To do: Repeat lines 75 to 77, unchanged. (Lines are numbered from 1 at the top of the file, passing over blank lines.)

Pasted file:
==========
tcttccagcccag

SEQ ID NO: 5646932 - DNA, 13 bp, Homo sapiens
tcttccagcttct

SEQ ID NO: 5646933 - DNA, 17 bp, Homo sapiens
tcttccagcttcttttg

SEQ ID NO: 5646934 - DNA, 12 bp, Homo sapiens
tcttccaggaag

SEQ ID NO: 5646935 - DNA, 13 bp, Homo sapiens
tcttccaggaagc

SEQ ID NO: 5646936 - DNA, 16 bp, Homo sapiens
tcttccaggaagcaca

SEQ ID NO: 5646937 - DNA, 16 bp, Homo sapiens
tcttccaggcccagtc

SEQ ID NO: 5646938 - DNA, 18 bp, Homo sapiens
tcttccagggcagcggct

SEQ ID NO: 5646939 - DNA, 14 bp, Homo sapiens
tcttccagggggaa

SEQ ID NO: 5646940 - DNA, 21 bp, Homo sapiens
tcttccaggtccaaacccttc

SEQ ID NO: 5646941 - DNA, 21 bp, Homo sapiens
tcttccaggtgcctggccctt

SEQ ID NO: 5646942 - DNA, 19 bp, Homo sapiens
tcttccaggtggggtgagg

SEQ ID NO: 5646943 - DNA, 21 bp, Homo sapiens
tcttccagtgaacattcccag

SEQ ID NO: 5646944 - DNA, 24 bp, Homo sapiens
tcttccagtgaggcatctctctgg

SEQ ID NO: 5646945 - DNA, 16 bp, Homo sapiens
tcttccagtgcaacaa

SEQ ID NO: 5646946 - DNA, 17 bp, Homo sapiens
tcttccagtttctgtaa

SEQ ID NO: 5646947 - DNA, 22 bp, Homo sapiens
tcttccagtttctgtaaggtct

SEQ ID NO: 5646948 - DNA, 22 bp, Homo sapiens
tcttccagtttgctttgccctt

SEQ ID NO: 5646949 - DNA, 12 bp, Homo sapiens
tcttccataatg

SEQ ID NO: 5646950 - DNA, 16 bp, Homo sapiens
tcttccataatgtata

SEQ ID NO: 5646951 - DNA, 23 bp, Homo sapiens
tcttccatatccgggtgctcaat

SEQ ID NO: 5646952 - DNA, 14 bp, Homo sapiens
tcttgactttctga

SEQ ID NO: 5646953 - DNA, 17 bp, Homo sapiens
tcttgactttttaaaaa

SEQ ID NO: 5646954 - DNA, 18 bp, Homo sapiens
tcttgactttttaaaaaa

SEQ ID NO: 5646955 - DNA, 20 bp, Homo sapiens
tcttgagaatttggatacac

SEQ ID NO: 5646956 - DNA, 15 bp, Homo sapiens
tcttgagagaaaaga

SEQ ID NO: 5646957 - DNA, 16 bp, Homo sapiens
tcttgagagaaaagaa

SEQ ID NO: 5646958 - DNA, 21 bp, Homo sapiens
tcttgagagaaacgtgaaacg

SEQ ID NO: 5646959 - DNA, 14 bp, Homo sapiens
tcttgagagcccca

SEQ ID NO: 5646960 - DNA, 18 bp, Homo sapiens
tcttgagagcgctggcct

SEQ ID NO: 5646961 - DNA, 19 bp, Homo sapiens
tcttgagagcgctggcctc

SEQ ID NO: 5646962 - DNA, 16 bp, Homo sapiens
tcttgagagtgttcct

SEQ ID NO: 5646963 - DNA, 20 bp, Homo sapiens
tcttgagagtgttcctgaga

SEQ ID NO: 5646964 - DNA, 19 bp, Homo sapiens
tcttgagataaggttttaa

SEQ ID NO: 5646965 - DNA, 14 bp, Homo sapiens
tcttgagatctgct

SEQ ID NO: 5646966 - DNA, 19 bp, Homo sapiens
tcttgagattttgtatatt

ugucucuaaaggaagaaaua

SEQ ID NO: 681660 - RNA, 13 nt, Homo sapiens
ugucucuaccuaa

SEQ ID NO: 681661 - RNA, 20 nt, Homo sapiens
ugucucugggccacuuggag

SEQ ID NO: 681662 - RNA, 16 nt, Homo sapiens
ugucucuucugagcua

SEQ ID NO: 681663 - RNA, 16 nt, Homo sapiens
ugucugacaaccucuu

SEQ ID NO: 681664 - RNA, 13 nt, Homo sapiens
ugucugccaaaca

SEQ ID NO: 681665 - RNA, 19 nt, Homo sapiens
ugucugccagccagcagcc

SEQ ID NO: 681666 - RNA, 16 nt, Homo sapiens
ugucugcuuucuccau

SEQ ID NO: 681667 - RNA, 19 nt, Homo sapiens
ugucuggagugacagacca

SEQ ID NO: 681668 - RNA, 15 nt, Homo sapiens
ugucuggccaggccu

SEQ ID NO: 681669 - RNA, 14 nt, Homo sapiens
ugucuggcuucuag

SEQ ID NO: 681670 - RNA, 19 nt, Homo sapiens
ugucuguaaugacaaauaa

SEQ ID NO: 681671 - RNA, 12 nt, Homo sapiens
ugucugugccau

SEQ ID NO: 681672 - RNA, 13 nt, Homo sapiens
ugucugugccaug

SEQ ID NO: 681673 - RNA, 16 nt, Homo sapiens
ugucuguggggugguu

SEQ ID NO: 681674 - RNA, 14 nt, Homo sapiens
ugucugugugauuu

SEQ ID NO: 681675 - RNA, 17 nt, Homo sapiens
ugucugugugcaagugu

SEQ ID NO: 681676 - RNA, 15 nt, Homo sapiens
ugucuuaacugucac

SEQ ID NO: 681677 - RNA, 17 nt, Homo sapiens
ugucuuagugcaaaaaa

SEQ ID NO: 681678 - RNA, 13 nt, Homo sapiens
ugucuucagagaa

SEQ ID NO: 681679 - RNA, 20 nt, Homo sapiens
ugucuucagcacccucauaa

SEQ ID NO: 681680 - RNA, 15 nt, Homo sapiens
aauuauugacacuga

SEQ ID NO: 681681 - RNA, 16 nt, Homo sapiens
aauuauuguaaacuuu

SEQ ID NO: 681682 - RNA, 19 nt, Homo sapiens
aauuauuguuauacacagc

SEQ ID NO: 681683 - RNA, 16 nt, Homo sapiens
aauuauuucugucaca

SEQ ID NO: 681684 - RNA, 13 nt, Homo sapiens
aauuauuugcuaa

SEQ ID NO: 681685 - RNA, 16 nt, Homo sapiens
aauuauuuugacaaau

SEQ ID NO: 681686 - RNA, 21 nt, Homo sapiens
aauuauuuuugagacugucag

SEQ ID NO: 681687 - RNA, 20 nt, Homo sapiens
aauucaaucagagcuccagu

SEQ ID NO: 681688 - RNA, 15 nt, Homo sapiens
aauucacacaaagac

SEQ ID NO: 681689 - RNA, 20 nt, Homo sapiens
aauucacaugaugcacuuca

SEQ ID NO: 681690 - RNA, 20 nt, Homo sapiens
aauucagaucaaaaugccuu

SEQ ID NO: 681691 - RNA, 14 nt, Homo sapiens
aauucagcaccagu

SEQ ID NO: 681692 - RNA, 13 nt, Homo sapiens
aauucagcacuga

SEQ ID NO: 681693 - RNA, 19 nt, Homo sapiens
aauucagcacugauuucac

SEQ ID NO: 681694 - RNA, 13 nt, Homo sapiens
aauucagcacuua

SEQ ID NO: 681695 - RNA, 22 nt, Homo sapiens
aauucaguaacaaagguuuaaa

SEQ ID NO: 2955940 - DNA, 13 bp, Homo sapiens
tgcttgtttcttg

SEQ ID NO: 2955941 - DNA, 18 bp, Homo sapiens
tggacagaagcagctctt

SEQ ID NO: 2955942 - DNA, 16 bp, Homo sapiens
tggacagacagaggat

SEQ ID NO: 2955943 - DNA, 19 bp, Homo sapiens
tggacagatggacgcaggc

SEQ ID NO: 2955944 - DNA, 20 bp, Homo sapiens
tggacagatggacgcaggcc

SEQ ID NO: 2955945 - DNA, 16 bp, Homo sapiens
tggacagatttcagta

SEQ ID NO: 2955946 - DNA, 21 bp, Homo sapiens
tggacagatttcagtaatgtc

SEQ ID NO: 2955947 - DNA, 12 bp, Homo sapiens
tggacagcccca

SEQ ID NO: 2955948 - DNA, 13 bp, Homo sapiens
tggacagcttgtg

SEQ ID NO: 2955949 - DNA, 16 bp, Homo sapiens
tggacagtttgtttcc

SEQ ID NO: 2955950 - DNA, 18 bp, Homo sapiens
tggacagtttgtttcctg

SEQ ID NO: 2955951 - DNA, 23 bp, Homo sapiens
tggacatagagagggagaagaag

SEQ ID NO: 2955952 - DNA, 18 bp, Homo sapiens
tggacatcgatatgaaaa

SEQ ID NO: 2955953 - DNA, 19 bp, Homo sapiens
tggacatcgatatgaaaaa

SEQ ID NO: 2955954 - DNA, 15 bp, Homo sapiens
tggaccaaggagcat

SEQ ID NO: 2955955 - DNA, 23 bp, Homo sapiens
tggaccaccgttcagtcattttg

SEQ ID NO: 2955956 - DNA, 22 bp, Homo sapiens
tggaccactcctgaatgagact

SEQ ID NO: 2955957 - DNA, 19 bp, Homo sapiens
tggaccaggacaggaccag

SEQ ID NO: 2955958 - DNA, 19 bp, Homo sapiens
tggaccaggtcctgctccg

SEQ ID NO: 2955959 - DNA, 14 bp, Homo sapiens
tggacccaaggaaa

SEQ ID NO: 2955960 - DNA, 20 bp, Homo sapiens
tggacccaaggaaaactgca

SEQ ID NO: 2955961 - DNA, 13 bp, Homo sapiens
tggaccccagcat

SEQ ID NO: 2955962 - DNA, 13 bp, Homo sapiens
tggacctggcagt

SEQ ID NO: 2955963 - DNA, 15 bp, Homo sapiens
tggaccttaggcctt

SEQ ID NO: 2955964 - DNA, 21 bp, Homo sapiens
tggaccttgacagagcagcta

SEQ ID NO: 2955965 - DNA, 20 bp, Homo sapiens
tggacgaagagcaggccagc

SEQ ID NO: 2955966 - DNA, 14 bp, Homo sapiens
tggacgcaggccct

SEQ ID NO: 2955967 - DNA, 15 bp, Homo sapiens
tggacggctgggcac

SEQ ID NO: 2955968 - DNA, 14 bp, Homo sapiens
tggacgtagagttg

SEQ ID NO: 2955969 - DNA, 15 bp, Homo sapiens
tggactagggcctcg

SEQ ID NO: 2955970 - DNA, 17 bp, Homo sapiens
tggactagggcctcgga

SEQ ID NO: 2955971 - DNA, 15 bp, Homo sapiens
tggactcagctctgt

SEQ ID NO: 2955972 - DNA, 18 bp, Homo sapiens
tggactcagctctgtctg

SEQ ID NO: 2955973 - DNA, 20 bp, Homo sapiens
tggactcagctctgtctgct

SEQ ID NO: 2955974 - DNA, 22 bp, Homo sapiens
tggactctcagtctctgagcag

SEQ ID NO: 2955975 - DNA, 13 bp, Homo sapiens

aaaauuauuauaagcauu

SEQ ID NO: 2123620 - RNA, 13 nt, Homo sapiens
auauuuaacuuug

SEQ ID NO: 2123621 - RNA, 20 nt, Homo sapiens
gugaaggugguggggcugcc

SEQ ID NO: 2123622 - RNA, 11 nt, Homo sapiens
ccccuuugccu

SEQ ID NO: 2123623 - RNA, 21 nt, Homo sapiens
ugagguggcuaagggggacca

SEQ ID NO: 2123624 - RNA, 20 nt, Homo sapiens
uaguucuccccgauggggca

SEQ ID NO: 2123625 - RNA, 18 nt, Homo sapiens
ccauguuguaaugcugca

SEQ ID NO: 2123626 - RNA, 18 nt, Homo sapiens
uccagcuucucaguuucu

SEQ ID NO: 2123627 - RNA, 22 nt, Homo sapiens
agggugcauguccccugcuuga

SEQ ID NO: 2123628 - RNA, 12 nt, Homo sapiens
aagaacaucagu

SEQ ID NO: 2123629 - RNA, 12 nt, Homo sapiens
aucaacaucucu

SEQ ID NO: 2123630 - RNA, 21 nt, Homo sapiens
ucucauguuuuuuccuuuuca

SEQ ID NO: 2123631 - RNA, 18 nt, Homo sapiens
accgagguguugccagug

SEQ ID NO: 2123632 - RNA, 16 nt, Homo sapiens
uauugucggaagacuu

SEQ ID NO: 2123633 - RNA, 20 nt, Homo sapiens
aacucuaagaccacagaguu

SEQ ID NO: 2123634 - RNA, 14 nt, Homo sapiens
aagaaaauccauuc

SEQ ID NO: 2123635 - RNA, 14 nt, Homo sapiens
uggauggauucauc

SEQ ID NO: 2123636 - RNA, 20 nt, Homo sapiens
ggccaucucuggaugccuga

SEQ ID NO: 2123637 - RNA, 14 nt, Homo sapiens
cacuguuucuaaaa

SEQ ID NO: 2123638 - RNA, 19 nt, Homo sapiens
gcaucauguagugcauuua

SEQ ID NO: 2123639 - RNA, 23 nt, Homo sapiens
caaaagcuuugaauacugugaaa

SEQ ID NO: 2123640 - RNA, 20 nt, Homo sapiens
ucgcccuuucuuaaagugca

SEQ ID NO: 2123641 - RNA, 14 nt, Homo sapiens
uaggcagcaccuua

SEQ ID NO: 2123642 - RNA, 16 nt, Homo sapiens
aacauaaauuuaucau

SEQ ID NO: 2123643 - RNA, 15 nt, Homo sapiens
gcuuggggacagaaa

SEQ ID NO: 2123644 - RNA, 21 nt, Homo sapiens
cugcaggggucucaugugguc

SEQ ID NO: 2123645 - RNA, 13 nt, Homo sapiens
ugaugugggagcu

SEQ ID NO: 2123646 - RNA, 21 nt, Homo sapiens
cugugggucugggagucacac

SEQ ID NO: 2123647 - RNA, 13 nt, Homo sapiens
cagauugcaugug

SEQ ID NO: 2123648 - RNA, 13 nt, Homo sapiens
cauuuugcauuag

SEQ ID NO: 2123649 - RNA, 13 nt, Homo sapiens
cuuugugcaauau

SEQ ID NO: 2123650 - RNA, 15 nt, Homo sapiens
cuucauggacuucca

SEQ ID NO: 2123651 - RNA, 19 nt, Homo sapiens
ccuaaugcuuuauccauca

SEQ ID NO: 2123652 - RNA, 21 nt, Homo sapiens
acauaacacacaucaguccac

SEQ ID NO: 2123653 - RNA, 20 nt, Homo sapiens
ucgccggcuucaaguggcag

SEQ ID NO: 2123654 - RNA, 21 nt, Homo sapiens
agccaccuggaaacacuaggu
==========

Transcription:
SEQ ID NO: 681661 - RNA, 20 nt, Homo sapiens
ugucucugggccacuuggag

SEQ ID NO: 681662 - RNA, 16 nt, Homo sapiens